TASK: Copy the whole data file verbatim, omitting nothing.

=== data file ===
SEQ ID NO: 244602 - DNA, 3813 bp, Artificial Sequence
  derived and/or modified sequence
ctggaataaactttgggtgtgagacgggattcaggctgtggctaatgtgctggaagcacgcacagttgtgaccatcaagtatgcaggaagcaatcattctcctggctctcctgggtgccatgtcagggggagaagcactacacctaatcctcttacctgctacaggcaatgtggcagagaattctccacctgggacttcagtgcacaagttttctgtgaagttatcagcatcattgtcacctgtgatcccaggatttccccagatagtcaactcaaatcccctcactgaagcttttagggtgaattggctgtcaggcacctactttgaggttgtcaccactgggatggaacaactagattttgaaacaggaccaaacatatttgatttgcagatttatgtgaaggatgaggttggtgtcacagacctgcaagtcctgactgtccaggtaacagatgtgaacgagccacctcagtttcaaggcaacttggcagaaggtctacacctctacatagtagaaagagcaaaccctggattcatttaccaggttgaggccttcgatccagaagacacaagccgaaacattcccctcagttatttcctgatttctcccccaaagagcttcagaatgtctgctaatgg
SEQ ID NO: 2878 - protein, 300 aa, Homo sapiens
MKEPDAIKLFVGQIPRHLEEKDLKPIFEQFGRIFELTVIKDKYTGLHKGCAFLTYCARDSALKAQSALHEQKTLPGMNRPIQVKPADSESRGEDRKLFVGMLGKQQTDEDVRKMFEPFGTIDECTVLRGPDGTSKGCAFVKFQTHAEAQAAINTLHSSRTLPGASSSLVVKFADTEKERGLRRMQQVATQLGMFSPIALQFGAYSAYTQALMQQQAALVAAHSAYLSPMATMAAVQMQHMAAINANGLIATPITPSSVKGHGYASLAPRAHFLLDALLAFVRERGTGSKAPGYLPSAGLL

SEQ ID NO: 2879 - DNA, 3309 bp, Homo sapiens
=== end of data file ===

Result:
SEQ ID NO: 244602 - DNA, 3813 bp, Artificial Sequence
  derived and/or modified sequence
ctggaataaactttgggtgtgagacgggattcaggctgtggctaatgtgctggaagcacgcacagttgtgaccatcaagtatgcaggaagcaatcattctcctggctctcctgggtgccatgtcagggggagaagcactacacctaatcctcttacctgctacaggcaatgtggcagagaattctccacctgggacttcagtgcacaagttttctgtgaagttatcagcatcattgtcacctgtgatcccaggatttccccagatagtcaactcaaatcccctcactgaagcttttagggtgaattggctgtcaggcacctactttgaggttgtcaccactgggatggaacaactagattttgaaacaggaccaaacatatttgatttgcagatttatgtgaaggatgaggttggtgtcacagacctgcaagtcctgactgtccaggtaacagatgtgaacgagccacctcagtttcaaggcaacttggcagaaggtctacacctctacatagtagaaagagcaaaccctggattcatttaccaggttgaggccttcgatccagaagacacaagccgaaacattcccctcagttatttcctgatttctcccccaaagagcttcagaatgtctgctaatgg
SEQ ID NO: 2878 - protein, 300 aa, Homo sapiens
MKEPDAIKLFVGQIPRHLEEKDLKPIFEQFGRIFELTVIKDKYTGLHKGCAFLTYCARDSALKAQSALHEQKTLPGMNRPIQVKPADSESRGEDRKLFVGMLGKQQTDEDVRKMFEPFGTIDECTVLRGPDGTSKGCAFVKFQTHAEAQAAINTLHSSRTLPGASSSLVVKFADTEKERGLRRMQQVATQLGMFSPIALQFGAYSAYTQALMQQQAALVAAHSAYLSPMATMAAVQMQHMAAINANGLIATPITPSSVKGHGYASLAPRAHFLLDALLAFVRERGTGSKAPGYLPSAGLL

SEQ ID NO: 2879 - DNA, 3309 bp, Homo sapiens